Skip to main content

«  View All Posts


How the Social Security Do-Over Works

August 23rd, 2018 | 2 min. read

By Jacob Schroeder

How the Social Security Do Over Works - image

There aren’t many things in life that offer second chances. One, surprisingly, is filing for Social Security.

We all have past events that we would love to have the opportunity to do over. As a light example, the times you think of the perfect remark to say to someone, but only hours or days later. The wish is to apply lessons you’ve learned from experience or new information obtained to create a better outcome.

That desire to rewind the clock and do things differently exists in the finance realm, too. Sometimes we make mistakes or discover a strategy that would have been more successful. Fortunately, there are some options available to help rectify your financial missteps. Just think of all the times you have thankfully been able to return impulse buys you didn’t really need.

What you may not know is that a second-chance option exists for Social Security. This Social Security do-over allows you to withdraw your application and then re-apply later. It can come in handy if your financial situation unexpectedly changes.

However, there are several important rules you should know first.

Taking a Social Security Mulligan

If you file for Social Security and then change your mind, don’t fret. You can withdraw your application within 12 months of filing. You must, however, pay back the benefits, without interest, you’ve already received. (If you’ve been receiving payments for more than a year, you are not eligible for a do-over.)

So, let’s say you claim Social Security at age 62, which means your benefit is permanently reduced by 25%. Suppose a few months later you decide you don’t need the money right now and would rather not have the reduction that comes with claiming your benefit early. You can notify the Social Security Administration, pay back all the money you have received and then apply for Social Security again later. Your payments then will be in the amount you’re due at that age.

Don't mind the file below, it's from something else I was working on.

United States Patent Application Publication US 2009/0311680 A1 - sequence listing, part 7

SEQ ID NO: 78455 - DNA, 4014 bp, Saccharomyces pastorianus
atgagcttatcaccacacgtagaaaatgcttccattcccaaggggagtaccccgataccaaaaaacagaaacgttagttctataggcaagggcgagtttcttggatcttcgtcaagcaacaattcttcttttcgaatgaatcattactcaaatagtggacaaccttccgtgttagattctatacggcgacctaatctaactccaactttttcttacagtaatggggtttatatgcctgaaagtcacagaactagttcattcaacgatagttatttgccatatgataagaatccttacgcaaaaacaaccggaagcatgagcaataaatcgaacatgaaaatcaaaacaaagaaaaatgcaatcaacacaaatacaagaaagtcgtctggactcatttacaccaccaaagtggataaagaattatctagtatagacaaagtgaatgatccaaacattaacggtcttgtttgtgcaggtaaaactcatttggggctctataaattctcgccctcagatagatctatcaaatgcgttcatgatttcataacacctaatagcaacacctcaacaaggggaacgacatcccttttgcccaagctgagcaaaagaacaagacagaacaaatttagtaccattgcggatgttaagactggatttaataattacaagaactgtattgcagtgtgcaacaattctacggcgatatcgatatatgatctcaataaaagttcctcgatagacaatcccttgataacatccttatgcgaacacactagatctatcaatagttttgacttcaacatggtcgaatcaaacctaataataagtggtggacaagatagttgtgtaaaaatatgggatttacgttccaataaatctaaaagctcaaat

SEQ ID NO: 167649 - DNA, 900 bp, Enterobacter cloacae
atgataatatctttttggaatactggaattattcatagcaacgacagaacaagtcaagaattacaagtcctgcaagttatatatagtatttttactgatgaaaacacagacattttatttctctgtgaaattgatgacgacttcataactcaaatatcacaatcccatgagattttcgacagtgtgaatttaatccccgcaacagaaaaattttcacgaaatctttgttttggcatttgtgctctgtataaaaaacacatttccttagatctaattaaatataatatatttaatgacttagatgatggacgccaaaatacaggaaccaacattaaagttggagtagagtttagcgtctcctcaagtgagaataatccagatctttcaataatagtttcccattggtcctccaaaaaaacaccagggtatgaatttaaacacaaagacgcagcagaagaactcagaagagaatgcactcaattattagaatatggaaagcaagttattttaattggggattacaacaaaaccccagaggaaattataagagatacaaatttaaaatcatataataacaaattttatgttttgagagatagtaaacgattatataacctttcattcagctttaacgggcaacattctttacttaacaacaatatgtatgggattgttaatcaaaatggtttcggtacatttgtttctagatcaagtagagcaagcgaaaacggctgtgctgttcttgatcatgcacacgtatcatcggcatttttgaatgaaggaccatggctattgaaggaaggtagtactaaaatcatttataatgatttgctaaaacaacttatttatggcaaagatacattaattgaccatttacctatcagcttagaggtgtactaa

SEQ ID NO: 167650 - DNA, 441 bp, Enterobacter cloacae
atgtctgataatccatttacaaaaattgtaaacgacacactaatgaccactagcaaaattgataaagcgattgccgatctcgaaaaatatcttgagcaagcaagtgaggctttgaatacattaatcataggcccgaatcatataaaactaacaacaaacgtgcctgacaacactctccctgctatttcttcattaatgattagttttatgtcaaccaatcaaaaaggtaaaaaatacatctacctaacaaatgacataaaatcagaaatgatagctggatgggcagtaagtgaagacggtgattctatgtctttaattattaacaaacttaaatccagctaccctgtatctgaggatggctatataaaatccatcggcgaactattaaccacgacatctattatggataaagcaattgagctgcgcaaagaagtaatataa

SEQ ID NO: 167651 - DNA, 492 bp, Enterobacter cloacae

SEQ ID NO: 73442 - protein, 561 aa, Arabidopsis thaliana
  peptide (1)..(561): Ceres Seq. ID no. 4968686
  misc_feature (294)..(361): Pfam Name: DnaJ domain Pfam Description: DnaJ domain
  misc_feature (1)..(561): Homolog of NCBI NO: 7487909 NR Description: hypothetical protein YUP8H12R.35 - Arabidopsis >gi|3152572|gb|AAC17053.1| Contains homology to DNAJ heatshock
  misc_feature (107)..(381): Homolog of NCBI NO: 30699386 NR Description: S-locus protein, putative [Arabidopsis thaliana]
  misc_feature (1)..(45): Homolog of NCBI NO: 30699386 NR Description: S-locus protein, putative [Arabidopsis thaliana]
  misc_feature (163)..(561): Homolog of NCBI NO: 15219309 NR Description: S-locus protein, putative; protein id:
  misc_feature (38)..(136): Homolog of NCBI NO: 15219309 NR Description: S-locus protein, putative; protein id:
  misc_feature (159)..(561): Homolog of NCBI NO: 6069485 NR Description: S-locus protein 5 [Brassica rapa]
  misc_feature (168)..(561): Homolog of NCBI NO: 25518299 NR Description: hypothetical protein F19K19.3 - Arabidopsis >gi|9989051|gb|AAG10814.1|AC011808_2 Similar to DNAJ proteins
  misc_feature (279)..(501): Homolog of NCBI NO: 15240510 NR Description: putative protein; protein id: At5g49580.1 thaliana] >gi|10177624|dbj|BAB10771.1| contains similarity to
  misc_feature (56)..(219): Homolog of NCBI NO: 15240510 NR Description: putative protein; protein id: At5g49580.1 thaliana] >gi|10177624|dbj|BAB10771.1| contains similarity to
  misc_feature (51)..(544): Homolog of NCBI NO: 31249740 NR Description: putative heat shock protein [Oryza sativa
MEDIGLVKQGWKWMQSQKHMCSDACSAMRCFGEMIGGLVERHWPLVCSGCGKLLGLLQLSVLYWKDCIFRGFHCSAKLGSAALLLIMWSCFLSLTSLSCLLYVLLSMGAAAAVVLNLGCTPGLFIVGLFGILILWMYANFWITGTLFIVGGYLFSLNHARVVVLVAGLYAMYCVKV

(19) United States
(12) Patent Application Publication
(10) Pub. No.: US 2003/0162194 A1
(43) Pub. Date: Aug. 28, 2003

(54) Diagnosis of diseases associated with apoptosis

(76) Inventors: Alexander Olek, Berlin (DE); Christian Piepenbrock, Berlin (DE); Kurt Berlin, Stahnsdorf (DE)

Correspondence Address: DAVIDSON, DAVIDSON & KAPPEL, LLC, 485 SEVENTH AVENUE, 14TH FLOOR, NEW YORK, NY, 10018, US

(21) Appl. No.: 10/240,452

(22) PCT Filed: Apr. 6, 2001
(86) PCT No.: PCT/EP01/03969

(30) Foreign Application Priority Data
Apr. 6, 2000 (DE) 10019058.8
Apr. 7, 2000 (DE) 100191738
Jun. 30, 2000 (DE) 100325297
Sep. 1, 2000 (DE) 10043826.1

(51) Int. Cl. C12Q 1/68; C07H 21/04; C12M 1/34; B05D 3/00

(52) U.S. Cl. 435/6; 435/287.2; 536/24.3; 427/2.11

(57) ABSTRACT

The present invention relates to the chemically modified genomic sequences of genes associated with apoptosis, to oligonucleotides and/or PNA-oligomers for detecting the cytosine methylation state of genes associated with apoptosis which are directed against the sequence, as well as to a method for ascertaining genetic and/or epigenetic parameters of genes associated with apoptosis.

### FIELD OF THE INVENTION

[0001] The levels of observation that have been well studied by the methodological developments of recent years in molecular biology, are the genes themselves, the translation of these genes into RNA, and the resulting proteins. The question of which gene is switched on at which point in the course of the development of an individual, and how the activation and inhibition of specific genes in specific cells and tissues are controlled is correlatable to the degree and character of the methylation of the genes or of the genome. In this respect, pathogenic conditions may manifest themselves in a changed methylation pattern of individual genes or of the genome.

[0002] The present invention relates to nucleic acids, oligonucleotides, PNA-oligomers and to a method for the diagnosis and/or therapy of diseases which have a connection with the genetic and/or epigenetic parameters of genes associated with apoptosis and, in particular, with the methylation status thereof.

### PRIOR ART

Suspending Social Security

There is another way to change your Social Security strategy in the event your situation changes. When you reach full retirement age, which is typically age 66, you can choose to suspend your benefit. You will then earn delayed retirement credits that will boost your benefit by 8% per year until you decide to restart payments or until age 70.

In this instance, you don’t have to pay back any benefits. Keep in mind though that if you elected to start payments early at age 62, the 25% reduction still applies.

Before You Take a Do-Over

It’s important to remember that you are only allowed to withdraw your Social Security application once. Further, if you’re enrolled in Medicare, you will have to pay for the premiums that would otherwise have been automatically deducted from your Social Security paycheck. 

Because Social Security is such an important source of income in retirement, you should plan ahead. By the time you’re eligible for Social Security and ready to retire, you should have a financial plan in place that considers your entire financial picture for essentially the rest of your life.

That includes the best age for you to file for Social Security. Don’t assume you should delay until age 70 for the maximum benefit. Contact the Social Security Administration to determine what options are available to you and work with a financial adviser to ensure your decision will help maximize your total income in retirement.

To learn more about how and when you should file for Social Security, download our free Guide to Social Security Benefits.  


Download the Social Security Guide Here